Among the many new books published each season is a shelf full of notable anthologies, each one showcasing the work of writers united by genre, form, or theme. The Anthologist highlights a few recently released or forthcoming collections, including Critical Hits: Writers Playing Video Games (Graywolf Press, November 2023).
There are some hobbies to which artsy types—writers among them—may admit without shame: watching independent cinema, visiting museums, collecting vinyl records by obscure avant-garde musicians. But the mark of a truly gifted intellect is the ability to discern art anywhere, even in what some may snobbishly call “low-brow.” Such discernment can be found within the pages of Critical Hits: Writers Playing Video Games (Graywolf Press, November 2023), an essay collection edited by J. Robert Lennon and Carmen Maria Machado in which writers contemplate one of the world’s most popular—and derided—forms of entertainment. While video games have gained a reputation for causing players’ “brains to rot,” as Machado puts it in her introduction, this is a misunderstanding. In fact they raise profound questions for the humans who find themselves enraptured by these digital puzzles, adventures, and battles lighting up their computers, televisions, or handheld consoles: “What did it mean to...let yourself be watched? To open yourself up to new ways of understanding? To die over and over again? To experience pleasure vicariously, a kind of compersion.” These questions and others receive sharp attention in essays by Nana Kwame Adjei-Brenyah, Alexander Chee, Larissa Pham, and other authors who boldly own and astutely analyze their engagement with video games and their intersections with family, friendship, love, and other heady subjects.
More than a quarter century ago Sarabande Books published a poetry anthology titled Last Call: Poems on Alcoholism, Addiction and Deliverance. Now the press has released a sequel: Another Last Call: Poems on Addiction and Deliverance (Sarabande Books, October 2023). Edited by Paige Lewis and Kaveh Akbar—who has been sober for nearly a decade, he writes in the introduction—this volume offers sixty poems by authors struggling with dependence on drugs or alcohol, surviving sobriety, or touched in some way by a loved one’s addiction. Organized as “a poetry mixtape,” as Akbar and Lewis put it in the introduction, the collection is designed to “usefully illuminate or complicate or accompany you in your living. Reading, making yourself permeable to these poets’ voices—that is decidedly active, and opposite the relative passivity of abstinence.” Joy Harjo begins the collection with “Running,” which recalls an altercation with a drunk boyfriend after leaving “the Indian and poetry bar, somewhere / To the left of Hell.” Following this breathtaking opener are Jericho Brown, Ada Limón, Airea D. Matthews, Sharon Olds, Ocean Vuong, and other voices offering lyrics, prose poems, and more experimental verse plumbing the depths of substance abuse, the possibility of emerging from its hold, and living in its aftermath.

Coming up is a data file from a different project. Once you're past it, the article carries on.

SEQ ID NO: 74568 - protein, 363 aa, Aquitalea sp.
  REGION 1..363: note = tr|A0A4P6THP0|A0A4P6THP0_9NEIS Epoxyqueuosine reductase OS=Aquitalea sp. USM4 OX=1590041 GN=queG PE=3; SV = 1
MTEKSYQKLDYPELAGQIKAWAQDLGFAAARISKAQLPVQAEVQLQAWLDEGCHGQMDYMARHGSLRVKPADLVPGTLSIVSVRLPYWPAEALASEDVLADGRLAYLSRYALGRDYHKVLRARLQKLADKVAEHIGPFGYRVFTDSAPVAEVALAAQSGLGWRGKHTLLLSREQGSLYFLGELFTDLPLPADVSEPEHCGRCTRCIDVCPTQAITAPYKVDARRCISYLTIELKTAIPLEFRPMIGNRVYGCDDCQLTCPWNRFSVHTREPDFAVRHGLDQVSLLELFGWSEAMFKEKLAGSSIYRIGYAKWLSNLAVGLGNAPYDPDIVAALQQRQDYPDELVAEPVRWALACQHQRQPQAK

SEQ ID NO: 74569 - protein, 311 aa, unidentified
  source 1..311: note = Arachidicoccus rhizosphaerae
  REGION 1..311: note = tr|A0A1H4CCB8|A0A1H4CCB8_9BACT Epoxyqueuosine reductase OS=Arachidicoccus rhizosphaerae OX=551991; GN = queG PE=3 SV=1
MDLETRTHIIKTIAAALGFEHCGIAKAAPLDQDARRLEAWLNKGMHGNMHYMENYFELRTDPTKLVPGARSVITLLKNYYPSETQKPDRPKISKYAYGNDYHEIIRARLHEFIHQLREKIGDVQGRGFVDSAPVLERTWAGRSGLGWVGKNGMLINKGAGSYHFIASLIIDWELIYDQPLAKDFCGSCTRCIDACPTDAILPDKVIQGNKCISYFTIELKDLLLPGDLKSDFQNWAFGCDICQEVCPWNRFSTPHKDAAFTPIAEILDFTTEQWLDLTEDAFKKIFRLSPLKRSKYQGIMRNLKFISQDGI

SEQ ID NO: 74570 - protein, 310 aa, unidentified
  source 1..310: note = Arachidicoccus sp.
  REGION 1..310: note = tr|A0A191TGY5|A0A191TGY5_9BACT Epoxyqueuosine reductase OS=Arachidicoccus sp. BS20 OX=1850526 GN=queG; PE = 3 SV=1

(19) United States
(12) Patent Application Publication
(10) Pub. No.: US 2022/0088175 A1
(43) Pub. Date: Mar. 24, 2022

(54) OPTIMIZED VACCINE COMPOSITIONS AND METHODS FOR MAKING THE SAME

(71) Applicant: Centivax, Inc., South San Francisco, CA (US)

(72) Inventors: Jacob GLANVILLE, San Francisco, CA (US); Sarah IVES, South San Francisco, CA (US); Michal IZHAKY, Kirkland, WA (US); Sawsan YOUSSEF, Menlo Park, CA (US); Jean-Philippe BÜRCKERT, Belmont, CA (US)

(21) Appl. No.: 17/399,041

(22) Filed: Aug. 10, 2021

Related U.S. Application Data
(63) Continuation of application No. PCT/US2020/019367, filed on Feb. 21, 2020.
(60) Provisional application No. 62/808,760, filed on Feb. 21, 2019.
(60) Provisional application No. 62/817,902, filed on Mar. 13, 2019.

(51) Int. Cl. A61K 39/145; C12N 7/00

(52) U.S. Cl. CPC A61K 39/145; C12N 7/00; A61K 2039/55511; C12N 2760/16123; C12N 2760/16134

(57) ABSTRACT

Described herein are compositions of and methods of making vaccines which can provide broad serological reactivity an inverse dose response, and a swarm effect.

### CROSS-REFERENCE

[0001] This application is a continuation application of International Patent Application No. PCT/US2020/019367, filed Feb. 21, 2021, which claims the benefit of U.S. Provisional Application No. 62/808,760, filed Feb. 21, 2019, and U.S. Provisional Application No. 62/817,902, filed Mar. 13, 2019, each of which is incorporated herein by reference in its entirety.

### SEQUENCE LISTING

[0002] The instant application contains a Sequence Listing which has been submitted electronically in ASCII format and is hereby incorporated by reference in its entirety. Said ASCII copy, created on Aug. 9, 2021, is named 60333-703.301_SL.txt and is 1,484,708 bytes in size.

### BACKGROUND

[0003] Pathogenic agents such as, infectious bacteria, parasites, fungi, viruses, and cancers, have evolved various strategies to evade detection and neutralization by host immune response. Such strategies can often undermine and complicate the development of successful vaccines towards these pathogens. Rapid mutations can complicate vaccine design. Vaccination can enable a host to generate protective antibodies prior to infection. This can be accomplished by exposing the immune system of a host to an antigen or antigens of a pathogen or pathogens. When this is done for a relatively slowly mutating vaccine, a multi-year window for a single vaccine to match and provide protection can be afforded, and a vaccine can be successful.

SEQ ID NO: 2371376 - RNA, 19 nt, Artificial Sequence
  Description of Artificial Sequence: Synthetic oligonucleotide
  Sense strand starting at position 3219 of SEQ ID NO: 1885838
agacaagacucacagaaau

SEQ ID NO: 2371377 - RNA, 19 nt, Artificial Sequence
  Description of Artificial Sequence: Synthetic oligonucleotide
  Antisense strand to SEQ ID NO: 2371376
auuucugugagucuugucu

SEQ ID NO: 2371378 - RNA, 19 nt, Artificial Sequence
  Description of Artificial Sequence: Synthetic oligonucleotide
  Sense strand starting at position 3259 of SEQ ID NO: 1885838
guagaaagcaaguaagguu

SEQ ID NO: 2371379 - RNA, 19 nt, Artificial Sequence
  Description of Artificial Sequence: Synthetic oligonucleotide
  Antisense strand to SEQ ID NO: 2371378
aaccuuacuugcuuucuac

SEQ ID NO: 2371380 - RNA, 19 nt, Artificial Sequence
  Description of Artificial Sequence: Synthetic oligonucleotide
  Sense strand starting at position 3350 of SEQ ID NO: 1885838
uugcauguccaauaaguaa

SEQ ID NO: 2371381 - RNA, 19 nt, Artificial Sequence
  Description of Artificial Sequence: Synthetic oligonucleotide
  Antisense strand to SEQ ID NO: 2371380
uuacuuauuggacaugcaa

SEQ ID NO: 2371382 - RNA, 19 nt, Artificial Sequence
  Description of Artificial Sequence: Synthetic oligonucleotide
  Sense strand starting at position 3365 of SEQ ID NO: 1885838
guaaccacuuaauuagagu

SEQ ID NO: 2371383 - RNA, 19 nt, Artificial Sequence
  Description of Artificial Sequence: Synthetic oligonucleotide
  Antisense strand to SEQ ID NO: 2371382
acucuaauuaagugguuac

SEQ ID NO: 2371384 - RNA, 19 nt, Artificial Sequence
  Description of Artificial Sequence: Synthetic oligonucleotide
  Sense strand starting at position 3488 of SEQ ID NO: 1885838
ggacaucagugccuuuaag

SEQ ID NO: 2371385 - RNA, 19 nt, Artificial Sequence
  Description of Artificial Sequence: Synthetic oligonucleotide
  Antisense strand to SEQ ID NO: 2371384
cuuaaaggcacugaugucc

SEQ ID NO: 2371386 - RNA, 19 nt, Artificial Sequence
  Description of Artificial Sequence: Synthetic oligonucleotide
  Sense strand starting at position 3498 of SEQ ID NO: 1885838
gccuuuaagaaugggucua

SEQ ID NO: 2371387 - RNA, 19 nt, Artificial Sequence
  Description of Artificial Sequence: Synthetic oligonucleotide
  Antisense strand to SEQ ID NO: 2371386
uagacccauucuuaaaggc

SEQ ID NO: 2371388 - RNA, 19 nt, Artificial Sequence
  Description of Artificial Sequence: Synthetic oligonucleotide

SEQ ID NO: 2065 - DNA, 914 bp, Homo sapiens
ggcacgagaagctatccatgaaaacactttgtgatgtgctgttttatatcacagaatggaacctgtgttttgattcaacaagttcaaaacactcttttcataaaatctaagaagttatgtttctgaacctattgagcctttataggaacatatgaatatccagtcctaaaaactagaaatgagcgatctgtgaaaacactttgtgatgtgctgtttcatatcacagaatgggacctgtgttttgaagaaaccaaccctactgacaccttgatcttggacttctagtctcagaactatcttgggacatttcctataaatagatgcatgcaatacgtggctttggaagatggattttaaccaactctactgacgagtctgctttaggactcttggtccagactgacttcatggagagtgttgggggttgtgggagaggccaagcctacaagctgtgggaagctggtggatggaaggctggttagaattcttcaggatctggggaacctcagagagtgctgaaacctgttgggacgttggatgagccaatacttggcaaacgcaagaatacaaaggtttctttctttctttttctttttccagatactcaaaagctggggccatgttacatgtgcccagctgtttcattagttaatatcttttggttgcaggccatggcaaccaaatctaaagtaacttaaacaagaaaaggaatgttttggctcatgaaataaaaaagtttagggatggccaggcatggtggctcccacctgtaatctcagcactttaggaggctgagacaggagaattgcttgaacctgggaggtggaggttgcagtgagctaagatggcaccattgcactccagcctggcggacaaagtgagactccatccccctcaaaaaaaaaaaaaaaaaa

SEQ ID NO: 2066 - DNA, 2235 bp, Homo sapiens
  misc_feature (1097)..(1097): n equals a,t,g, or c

When James Spooner directed his 2003 documentary Afro-Punk, he wanted to illuminate the Black community that shaped and influenced the complex musical counterculture that had been portrayed largely through the lens of whiteness. Black Punk Now: Fiction, Nonfiction, and Comics (Soft Skull Press, October 2023), which Spooner coedited with Chris L. Terry, picks up where Afro-Punk left off, Spooner says in his editor’s note. The anthology considers the “new generation of active Black punks [who] went on to start their own festivals, collectives, and conversations.” Yet the volume does not aim to define or pin down what it means to be a Black punk: “While there are common themes and threads that wind throughout this book—like liberation, community, and inheritance—the modes of expression and points of view are as varied as the Black people who share them,” Terry writes in his editor’s note. Hanif Abdurraqib, Camille Collins, Courtney Long, and two dozen other contributors contemplate their relationship to this dynamic musical tradition and sensibility through visual art, stories, essays, and interviews that delve into the work of individual artists as well as the larger questions of ethics and collectivism that inform punk as much as its guitars and drums.